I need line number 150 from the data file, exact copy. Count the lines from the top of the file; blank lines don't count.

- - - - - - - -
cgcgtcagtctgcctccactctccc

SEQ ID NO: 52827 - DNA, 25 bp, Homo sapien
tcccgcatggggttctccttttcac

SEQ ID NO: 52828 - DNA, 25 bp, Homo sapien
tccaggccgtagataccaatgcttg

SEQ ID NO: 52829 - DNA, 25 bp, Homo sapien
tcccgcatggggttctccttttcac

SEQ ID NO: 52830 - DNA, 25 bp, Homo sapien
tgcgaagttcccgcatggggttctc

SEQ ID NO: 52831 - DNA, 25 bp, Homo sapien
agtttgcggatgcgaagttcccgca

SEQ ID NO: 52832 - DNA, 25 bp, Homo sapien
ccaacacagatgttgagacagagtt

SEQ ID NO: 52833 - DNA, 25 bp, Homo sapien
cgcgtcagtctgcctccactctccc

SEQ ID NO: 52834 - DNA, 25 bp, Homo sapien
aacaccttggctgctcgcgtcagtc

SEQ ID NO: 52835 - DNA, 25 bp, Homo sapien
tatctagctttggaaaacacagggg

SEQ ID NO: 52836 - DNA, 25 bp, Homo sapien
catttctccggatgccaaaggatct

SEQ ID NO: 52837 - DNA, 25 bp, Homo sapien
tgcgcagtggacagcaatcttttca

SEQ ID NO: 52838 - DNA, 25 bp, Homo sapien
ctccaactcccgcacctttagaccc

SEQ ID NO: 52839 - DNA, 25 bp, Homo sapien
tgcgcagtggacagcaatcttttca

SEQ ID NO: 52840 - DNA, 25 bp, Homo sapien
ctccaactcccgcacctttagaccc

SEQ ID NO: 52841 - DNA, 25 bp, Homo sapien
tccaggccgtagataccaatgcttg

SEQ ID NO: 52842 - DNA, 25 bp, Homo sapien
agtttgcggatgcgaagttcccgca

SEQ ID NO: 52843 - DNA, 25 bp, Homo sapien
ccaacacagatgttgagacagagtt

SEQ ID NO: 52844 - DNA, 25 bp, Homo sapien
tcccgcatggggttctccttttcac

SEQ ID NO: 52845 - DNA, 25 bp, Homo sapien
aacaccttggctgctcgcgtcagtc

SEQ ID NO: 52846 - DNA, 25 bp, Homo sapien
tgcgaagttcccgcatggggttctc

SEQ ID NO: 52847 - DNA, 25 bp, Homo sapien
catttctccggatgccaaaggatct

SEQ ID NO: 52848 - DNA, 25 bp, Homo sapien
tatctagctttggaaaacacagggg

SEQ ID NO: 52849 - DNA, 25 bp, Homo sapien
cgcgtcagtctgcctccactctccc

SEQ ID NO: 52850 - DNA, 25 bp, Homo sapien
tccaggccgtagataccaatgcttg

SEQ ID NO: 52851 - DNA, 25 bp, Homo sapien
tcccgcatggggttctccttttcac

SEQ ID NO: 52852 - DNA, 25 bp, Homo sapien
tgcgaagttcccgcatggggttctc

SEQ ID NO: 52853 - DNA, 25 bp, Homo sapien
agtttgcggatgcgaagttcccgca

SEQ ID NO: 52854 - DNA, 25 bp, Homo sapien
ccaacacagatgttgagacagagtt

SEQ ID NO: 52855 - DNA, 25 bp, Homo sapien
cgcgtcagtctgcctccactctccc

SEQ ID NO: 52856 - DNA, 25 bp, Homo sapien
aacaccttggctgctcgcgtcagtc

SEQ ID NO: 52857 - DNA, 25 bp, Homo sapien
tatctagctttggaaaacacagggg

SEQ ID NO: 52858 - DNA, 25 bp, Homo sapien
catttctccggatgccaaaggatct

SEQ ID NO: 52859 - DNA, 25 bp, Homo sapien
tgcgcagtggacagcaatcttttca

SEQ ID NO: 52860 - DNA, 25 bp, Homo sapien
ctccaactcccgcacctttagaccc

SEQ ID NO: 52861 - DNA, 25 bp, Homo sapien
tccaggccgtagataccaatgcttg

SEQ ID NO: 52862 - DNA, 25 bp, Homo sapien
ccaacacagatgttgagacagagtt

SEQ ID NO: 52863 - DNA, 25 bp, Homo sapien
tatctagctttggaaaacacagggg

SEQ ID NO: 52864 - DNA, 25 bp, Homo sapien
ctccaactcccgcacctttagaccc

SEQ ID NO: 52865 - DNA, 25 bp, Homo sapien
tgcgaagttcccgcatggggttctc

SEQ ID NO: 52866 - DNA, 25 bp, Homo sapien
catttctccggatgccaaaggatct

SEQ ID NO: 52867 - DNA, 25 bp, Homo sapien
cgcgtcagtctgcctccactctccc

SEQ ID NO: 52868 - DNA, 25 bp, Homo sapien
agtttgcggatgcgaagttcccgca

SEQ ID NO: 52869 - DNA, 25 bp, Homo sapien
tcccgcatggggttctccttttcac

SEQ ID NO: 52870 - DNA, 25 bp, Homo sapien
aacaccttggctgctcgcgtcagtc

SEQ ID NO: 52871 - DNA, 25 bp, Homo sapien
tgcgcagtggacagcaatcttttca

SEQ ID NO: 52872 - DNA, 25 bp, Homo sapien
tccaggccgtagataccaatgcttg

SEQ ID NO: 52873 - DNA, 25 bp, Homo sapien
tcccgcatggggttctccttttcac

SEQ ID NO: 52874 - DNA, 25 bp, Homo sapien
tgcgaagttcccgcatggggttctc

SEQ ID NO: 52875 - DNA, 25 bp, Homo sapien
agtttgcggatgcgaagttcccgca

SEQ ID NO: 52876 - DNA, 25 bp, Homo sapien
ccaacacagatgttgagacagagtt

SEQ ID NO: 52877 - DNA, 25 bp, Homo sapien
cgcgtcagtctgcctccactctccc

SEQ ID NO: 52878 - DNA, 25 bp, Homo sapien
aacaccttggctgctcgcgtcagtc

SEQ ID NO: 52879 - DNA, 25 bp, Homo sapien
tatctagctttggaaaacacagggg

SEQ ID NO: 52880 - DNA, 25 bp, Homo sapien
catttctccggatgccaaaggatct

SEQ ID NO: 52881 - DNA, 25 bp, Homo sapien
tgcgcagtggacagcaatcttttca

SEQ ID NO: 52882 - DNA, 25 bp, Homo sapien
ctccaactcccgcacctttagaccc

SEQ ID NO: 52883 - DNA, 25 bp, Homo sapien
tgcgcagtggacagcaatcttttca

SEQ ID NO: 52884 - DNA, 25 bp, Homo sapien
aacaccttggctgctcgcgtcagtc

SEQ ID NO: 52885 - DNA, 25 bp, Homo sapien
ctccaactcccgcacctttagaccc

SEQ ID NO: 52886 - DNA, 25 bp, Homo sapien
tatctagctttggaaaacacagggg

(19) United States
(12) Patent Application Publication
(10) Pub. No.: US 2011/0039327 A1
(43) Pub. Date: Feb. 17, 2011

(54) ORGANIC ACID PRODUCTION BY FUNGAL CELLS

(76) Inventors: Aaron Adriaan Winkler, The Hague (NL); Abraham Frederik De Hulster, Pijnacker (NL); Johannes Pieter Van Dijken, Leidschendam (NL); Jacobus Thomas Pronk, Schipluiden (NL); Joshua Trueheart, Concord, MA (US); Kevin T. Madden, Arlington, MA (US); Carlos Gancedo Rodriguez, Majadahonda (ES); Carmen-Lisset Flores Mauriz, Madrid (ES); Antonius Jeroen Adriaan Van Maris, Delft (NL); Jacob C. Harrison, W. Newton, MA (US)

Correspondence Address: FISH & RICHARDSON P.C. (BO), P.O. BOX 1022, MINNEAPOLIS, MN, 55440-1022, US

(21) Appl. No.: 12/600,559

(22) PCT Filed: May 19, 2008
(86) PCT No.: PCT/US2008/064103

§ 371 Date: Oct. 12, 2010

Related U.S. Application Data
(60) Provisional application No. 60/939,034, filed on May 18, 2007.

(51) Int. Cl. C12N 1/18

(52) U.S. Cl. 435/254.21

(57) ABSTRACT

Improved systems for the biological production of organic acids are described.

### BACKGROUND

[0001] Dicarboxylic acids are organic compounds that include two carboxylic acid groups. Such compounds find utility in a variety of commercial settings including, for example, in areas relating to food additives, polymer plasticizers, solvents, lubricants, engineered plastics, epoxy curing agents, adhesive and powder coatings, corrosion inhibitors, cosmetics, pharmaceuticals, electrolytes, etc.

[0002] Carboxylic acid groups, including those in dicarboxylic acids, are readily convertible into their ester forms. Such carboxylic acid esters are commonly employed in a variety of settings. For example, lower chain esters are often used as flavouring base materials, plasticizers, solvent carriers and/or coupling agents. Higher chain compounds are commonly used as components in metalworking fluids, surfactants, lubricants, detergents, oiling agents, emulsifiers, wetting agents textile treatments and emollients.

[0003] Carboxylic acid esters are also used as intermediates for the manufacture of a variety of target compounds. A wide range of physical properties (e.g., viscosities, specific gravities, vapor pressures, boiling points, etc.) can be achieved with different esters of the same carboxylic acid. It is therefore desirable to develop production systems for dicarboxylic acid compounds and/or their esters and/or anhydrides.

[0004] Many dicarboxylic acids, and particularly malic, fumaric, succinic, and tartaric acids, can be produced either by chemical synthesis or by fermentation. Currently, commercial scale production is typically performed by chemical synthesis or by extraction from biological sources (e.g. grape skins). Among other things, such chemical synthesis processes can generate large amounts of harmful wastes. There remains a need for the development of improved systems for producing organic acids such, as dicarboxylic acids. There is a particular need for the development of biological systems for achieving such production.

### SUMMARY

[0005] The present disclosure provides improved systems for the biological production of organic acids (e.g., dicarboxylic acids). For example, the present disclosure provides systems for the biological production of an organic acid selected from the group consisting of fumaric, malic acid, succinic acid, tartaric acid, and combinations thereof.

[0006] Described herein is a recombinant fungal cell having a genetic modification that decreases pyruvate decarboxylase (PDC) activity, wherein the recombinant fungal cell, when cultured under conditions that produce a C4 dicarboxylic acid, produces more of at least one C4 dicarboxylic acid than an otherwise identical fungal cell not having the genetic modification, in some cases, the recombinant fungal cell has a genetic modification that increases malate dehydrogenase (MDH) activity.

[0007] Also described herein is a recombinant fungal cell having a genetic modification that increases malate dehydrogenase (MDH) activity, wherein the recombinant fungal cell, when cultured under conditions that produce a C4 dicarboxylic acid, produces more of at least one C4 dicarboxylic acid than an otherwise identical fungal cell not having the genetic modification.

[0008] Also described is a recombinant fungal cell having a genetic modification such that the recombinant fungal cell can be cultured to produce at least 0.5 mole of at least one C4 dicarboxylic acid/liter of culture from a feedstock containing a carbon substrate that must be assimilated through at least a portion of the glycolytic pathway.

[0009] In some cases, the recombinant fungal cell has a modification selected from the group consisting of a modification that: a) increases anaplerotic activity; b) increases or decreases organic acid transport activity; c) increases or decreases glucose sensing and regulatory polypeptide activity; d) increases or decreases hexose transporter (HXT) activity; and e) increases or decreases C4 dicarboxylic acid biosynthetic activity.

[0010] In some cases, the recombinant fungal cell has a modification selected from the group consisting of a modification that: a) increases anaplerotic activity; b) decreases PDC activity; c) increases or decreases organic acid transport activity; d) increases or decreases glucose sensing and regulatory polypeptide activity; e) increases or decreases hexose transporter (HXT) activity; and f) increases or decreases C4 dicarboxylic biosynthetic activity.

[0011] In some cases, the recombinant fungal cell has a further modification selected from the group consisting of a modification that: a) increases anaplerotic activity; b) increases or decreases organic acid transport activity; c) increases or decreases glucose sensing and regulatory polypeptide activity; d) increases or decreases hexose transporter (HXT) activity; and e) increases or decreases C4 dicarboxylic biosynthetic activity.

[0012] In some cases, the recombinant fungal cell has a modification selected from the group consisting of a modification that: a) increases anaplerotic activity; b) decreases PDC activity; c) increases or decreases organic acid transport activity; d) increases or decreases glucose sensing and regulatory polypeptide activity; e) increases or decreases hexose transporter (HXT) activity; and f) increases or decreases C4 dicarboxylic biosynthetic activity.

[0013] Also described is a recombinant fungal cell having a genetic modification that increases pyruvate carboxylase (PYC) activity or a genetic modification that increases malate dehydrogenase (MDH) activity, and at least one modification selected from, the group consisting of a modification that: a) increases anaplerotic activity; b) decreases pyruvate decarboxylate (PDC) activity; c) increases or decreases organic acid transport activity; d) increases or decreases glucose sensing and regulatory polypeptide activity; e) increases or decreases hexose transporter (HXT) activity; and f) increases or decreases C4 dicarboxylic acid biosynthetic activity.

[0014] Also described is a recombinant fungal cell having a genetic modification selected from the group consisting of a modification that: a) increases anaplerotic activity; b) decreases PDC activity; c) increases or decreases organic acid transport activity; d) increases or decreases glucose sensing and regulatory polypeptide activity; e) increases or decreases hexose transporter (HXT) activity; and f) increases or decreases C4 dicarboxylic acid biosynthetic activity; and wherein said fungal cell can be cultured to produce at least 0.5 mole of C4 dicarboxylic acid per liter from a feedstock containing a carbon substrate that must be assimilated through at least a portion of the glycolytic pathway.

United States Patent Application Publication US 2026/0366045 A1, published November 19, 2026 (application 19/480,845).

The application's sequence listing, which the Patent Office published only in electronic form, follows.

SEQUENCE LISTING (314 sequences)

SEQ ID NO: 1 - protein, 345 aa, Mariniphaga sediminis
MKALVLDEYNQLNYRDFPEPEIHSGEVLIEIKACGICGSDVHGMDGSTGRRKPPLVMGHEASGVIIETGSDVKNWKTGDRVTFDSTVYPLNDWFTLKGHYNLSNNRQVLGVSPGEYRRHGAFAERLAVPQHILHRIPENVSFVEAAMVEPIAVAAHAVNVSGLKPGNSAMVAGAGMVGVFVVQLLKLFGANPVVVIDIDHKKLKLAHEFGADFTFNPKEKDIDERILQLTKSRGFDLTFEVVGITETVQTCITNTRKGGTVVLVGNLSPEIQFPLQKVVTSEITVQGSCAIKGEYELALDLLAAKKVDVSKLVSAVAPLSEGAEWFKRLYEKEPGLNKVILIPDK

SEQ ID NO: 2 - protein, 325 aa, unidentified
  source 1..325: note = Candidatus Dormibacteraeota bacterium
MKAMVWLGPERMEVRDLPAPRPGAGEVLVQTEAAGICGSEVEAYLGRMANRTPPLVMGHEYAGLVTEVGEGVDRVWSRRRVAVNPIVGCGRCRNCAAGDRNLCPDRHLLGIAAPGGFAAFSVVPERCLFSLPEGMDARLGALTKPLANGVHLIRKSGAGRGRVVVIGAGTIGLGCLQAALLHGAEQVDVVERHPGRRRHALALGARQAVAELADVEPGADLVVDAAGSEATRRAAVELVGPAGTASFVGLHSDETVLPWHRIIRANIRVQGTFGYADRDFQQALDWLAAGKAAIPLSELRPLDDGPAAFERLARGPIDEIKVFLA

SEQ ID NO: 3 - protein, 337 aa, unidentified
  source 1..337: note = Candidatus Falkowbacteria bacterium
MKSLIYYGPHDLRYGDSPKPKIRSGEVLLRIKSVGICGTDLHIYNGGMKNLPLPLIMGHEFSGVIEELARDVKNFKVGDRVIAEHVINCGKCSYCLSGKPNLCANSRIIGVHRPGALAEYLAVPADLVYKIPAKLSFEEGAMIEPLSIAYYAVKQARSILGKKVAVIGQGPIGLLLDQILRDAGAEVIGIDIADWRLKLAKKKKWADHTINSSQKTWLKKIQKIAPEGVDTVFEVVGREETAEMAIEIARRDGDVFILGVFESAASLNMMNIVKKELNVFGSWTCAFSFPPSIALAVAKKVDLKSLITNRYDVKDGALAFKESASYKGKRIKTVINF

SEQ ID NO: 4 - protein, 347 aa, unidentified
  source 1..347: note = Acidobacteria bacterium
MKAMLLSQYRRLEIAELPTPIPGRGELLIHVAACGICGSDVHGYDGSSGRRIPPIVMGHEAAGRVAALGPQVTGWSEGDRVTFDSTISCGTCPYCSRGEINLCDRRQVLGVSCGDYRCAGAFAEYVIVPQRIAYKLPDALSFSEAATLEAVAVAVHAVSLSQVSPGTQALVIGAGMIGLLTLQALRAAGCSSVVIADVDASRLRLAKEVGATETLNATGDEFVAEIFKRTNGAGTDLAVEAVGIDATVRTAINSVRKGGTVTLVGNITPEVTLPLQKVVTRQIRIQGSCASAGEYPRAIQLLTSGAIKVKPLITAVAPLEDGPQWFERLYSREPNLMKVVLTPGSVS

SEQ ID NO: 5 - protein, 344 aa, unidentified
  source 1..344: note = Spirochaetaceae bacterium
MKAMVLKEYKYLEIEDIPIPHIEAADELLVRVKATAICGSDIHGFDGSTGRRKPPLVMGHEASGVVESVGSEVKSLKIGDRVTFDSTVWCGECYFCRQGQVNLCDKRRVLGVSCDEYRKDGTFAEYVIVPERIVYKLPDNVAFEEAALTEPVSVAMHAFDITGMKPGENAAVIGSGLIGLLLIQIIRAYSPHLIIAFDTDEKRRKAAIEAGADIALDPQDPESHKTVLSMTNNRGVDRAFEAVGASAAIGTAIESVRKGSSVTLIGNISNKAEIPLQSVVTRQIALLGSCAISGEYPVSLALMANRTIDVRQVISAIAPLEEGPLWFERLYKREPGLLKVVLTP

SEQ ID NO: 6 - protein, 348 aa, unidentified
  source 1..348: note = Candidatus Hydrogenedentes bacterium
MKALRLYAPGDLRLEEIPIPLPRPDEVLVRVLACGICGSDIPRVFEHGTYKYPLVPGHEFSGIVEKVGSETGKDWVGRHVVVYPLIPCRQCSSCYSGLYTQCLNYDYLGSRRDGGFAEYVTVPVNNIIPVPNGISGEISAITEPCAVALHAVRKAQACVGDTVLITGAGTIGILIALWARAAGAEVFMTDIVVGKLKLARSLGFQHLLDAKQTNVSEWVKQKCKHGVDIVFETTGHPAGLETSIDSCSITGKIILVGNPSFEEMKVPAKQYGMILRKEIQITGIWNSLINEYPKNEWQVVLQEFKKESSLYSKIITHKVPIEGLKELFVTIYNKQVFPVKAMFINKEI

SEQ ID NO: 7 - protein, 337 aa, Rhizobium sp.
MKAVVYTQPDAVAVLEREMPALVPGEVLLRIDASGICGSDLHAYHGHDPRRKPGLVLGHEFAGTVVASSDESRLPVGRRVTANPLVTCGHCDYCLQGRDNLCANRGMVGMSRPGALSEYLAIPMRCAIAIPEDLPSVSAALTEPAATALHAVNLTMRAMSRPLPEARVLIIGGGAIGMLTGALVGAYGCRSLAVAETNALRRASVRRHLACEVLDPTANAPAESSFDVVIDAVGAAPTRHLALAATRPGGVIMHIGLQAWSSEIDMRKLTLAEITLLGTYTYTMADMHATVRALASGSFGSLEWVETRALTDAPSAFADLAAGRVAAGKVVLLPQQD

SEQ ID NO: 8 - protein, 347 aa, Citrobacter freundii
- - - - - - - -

[0010] In some cases, the recombinant fungal cell has a modification selected from the group consisting of a modification that: a) increases anaplerotic activity; b) decreases PDC activity; c) increases or decreases organic acid transport activity; d) increases or decreases glucose sensing and regulatory polypeptide activity; e) increases or decreases hexose transporter (HXT) activity; and f) increases or decreases C4 dicarboxylic biosynthetic activity.